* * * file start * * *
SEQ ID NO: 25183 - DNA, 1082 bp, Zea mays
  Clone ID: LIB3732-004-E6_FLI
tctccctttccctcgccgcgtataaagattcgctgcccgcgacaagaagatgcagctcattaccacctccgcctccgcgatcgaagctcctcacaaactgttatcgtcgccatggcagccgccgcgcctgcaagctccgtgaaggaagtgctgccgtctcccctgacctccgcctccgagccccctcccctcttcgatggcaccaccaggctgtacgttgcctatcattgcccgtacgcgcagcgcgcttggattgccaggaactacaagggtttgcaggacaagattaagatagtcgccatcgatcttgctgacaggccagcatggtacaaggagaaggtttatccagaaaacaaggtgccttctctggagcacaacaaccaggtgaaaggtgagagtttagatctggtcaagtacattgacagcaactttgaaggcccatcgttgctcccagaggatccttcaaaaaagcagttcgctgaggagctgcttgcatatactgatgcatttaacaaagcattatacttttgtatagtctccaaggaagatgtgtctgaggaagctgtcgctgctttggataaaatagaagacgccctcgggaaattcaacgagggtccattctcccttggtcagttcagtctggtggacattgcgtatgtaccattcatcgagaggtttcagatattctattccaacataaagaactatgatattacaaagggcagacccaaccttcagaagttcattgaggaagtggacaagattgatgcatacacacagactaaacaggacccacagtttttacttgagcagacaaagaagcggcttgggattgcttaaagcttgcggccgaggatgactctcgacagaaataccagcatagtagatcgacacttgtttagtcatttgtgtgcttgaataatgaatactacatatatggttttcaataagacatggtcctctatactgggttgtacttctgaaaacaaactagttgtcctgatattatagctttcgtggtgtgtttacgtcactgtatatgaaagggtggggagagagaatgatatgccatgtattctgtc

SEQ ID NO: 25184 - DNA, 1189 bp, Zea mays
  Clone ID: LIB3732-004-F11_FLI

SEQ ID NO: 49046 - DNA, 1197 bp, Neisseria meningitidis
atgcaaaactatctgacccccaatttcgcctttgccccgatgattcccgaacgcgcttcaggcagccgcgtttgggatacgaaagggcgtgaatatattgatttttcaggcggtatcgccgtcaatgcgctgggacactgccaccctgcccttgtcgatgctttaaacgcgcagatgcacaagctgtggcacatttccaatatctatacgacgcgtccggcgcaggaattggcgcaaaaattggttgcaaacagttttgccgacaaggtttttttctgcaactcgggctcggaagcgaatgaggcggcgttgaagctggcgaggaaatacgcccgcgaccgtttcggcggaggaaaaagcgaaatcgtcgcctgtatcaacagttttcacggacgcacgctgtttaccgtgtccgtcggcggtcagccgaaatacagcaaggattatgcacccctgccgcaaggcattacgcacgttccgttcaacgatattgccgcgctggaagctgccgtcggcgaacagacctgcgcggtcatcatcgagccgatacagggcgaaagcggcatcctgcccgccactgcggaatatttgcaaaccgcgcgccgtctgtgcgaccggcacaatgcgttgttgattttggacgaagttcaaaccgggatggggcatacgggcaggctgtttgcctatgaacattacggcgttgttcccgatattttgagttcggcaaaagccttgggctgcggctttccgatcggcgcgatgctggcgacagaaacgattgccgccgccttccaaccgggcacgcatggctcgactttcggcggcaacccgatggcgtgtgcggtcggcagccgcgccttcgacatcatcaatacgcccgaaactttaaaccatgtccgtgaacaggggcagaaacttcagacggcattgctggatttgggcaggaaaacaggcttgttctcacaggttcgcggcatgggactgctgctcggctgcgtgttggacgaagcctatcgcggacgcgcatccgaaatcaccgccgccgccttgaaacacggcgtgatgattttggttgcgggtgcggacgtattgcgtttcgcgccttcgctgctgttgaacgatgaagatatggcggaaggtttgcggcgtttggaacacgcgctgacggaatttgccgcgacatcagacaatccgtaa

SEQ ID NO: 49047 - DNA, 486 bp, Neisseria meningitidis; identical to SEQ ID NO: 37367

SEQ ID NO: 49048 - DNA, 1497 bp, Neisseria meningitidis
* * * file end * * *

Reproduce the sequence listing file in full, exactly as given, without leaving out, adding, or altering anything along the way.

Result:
SEQ ID NO: 25183 - DNA, 1082 bp, Zea mays
  Clone ID: LIB3732-004-E6_FLI
tctccctttccctcgccgcgtataaagattcgctgcccgcgacaagaagatgcagctcattaccacctccgcctccgcgatcgaagctcctcacaaactgttatcgtcgccatggcagccgccgcgcctgcaagctccgtgaaggaagtgctgccgtctcccctgacctccgcctccgagccccctcccctcttcgatggcaccaccaggctgtacgttgcctatcattgcccgtacgcgcagcgcgcttggattgccaggaactacaagggtttgcaggacaagattaagatagtcgccatcgatcttgctgacaggccagcatggtacaaggagaaggtttatccagaaaacaaggtgccttctctggagcacaacaaccaggtgaaaggtgagagtttagatctggtcaagtacattgacagcaactttgaaggcccatcgttgctcccagaggatccttcaaaaaagcagttcgctgaggagctgcttgcatatactgatgcatttaacaaagcattatacttttgtatagtctccaaggaagatgtgtctgaggaagctgtcgctgctttggataaaatagaagacgccctcgggaaattcaacgagggtccattctcccttggtcagttcagtctggtggacattgcgtatgtaccattcatcgagaggtttcagatattctattccaacataaagaactatgatattacaaagggcagacccaaccttcagaagttcattgaggaagtggacaagattgatgcatacacacagactaaacaggacccacagtttttacttgagcagacaaagaagcggcttgggattgcttaaagcttgcggccgaggatgactctcgacagaaataccagcatagtagatcgacacttgtttagtcatttgtgtgcttgaataatgaatactacatatatggttttcaataagacatggtcctctatactgggttgtacttctgaaaacaaactagttgtcctgatattatagctttcgtggtgtgtttacgtcactgtatatgaaagggtggggagagagaatgatatgccatgtattctgtc

SEQ ID NO: 25184 - DNA, 1189 bp, Zea mays
  Clone ID: LIB3732-004-F11_FLI

SEQ ID NO: 49046 - DNA, 1197 bp, Neisseria meningitidis
atgcaaaactatctgacccccaatttcgcctttgccccgatgattcccgaacgcgcttcaggcagccgcgtttgggatacgaaagggcgtgaatatattgatttttcaggcggtatcgccgtcaatgcgctgggacactgccaccctgcccttgtcgatgctttaaacgcgcagatgcacaagctgtggcacatttccaatatctatacgacgcgtccggcgcaggaattggcgcaaaaattggttgcaaacagttttgccgacaaggtttttttctgcaactcgggctcggaagcgaatgaggcggcgttgaagctggcgaggaaatacgcccgcgaccgtttcggcggaggaaaaagcgaaatcgtcgcctgtatcaacagttttcacggacgcacgctgtttaccgtgtccgtcggcggtcagccgaaatacagcaaggattatgcacccctgccgcaaggcattacgcacgttccgttcaacgatattgccgcgctggaagctgccgtcggcgaacagacctgcgcggtcatcatcgagccgatacagggcgaaagcggcatcctgcccgccactgcggaatatttgcaaaccgcgcgccgtctgtgcgaccggcacaatgcgttgttgattttggacgaagttcaaaccgggatggggcatacgggcaggctgtttgcctatgaacattacggcgttgttcccgatattttgagttcggcaaaagccttgggctgcggctttccgatcggcgcgatgctggcgacagaaacgattgccgccgccttccaaccgggcacgcatggctcgactttcggcggcaacccgatggcgtgtgcggtcggcagccgcgccttcgacatcatcaatacgcccgaaactttaaaccatgtccgtgaacaggggcagaaacttcagacggcattgctggatttgggcaggaaaacaggcttgttctcacaggttcgcggcatgggactgctgctcggctgcgtgttggacgaagcctatcgcggacgcgcatccgaaatcaccgccgccgccttgaaacacggcgtgatgattttggttgcgggtgcggacgtattgcgtttcgcgccttcgctgctgttgaacgatgaagatatggcggaaggtttgcggcgtttggaacacgcgctgacggaatttgccgcgacatcagacaatccgtaa

SEQ ID NO: 49047 - DNA, 486 bp, Neisseria meningitidis; identical to SEQ ID NO: 37367

SEQ ID NO: 49048 - DNA, 1497 bp, Neisseria meningitidis